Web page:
MIT is working on a system for 3D printing items that are designed to be inflated. The functions range from dynamic furniture to exoskeletons!
Via MIT Media Lab:
Printflatables is a design and fabrication system for human- scale, functional and dynamic inflatable objects. We use in- extensible thermoplastic fabric as the raw material with the key principle of introducing folds and thermal sealing. Upon inflation, the sealed object takes the expected three dimen- sional shape. The workflow begins with the user specifying an intended 3D model which is decomposed to two dimensional fabrication geometry. This forms the input for a numerically controlled thermal contact iron that seals layers of thermoplas- tic fabric. In this paper, we discuss the system design in detail, the pneumatic primitives that this technique enables and merits of being able to make large, functional and dynamic pneumatic artifacts. We demonstrate the design output through multiple objects which could motivate fabrication of inflatable media and pressure-based interfaces.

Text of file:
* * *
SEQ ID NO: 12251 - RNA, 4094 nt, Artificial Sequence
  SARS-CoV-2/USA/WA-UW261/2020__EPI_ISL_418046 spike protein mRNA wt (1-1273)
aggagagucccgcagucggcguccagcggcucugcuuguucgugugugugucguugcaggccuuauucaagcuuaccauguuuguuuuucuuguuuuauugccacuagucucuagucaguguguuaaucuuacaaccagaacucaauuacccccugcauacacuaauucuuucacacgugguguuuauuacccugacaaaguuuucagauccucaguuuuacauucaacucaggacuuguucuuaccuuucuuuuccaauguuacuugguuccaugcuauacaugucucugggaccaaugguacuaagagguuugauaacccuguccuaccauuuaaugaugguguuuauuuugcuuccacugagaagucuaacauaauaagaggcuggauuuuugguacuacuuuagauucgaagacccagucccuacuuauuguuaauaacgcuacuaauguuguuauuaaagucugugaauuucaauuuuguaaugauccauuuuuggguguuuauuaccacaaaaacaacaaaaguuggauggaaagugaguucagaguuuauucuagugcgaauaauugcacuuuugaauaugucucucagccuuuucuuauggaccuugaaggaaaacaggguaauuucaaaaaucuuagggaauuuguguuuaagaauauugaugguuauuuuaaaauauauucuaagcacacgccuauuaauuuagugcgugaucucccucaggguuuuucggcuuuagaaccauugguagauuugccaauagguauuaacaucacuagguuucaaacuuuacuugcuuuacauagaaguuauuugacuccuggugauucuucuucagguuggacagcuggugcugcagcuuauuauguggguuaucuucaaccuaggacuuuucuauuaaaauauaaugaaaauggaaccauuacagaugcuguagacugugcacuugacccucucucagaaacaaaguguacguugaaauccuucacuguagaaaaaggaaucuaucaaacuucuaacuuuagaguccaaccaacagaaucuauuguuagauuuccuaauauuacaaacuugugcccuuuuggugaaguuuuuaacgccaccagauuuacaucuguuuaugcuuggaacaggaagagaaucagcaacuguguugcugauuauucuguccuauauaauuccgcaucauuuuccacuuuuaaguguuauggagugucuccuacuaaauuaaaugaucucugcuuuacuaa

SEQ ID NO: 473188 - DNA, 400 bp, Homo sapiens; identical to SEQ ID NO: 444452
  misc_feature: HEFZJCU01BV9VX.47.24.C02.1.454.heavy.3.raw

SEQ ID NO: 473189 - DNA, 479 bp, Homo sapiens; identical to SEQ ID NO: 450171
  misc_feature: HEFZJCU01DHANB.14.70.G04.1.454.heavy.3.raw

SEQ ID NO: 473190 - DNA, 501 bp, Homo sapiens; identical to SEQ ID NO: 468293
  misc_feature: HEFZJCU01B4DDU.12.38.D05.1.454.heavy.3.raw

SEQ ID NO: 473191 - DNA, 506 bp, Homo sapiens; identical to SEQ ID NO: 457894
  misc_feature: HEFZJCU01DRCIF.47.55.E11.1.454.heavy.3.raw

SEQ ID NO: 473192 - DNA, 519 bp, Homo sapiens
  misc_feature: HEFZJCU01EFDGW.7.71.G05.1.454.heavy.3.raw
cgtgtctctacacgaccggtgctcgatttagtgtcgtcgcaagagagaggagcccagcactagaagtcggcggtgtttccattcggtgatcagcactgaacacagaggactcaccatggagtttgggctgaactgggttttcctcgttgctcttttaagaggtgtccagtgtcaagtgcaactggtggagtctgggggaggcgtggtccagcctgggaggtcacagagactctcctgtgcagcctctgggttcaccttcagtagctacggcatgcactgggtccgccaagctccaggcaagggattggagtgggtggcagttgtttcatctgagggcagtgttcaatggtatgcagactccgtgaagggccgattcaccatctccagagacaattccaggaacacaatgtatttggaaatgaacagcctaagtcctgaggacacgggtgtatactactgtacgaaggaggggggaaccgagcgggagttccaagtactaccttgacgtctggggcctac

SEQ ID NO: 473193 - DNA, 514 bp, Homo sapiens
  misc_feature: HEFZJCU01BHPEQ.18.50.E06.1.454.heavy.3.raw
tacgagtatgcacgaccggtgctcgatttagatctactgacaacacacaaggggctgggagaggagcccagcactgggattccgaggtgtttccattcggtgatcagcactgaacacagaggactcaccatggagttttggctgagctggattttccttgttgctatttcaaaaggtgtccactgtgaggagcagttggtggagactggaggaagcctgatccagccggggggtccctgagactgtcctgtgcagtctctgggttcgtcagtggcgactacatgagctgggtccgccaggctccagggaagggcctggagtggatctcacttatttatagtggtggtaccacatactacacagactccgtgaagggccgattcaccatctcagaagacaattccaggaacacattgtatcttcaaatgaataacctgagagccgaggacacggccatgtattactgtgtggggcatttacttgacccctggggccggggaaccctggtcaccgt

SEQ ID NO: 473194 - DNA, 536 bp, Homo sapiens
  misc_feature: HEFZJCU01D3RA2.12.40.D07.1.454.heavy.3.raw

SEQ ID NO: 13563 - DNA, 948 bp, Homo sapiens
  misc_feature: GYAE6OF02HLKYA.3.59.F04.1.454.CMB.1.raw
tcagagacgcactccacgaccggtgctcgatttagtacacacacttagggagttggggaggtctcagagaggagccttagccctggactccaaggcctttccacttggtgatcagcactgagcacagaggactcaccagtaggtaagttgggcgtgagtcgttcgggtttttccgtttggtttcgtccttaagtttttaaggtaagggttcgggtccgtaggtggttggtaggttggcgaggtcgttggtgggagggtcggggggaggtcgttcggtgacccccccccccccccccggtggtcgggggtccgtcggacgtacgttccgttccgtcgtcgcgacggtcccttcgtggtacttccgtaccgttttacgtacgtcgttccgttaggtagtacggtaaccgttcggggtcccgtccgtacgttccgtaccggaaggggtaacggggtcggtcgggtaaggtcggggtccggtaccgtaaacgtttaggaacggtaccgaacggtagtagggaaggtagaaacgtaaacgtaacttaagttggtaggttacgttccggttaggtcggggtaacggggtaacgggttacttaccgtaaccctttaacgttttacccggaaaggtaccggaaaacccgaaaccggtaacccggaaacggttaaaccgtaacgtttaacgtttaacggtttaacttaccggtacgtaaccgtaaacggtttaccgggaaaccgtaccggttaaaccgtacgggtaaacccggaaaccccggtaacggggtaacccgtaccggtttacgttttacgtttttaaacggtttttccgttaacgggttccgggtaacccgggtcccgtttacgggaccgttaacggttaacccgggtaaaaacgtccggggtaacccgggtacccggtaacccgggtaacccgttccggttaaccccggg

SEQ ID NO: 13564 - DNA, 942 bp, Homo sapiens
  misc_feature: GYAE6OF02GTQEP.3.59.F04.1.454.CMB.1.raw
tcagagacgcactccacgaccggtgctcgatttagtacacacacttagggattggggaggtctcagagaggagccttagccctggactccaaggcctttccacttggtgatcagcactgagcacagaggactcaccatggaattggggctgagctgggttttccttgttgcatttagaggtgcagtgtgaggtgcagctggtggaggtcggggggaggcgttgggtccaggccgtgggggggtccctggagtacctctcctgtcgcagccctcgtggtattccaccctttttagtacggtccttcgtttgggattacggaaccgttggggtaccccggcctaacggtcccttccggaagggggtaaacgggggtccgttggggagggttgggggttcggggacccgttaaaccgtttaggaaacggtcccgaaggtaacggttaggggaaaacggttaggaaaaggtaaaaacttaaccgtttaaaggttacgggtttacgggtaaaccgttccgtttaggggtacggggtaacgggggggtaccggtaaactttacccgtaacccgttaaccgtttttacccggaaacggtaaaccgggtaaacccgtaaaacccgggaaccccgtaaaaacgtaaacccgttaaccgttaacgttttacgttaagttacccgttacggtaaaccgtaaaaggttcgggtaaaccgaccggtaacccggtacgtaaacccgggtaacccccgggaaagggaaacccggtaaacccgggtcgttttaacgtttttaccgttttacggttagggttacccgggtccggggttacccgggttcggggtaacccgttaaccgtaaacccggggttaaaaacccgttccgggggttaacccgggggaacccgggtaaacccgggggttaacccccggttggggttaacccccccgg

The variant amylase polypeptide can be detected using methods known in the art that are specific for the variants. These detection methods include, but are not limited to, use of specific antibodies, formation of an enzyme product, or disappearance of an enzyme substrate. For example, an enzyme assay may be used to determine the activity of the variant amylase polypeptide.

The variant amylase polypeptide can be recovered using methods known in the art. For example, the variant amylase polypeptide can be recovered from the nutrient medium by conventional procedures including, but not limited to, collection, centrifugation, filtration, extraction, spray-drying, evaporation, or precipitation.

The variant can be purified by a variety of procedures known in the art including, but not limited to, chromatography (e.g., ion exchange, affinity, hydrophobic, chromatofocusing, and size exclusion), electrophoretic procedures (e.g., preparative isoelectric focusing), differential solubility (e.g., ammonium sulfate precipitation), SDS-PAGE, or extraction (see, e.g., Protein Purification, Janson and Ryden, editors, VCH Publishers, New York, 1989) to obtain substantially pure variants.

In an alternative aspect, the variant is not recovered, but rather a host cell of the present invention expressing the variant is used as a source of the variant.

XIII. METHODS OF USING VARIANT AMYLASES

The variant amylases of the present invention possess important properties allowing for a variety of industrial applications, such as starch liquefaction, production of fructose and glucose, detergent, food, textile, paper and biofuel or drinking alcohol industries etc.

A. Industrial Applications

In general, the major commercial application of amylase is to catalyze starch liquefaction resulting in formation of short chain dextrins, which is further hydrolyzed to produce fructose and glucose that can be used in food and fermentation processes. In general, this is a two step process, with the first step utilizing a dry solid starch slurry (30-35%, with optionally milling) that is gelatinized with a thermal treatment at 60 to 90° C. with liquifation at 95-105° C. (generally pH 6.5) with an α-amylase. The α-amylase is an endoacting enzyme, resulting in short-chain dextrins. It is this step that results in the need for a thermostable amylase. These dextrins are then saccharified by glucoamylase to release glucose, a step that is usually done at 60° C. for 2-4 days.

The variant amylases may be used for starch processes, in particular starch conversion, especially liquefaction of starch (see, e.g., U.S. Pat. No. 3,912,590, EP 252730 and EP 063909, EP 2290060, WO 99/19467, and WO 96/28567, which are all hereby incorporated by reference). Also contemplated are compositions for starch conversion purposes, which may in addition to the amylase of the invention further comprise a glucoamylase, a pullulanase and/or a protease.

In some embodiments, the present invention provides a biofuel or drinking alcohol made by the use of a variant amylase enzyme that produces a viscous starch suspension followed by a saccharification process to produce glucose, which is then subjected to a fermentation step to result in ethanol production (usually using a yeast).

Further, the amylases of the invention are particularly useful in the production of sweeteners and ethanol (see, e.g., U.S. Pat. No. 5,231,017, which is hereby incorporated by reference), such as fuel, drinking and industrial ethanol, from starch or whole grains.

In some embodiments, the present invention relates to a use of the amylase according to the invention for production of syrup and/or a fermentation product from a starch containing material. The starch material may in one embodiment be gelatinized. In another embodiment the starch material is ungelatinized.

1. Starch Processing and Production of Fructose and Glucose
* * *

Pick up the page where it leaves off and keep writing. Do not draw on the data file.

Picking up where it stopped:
We presented techniques to transform 2D rest shape objects to 3D forms through shape tranformation. Our fabrication platform creates folds along the length of the thermoplastic fabric using thermal welding. The user designs or inputs the three dimensional model through a custom Grasshopper plugin to get fabrication geometry and inflation simulation. The fabricated objects can be of human-scale and demonstrate high force actuation. To validate this, applications around pop- up architecture and body augmentation with soft wearables were shown.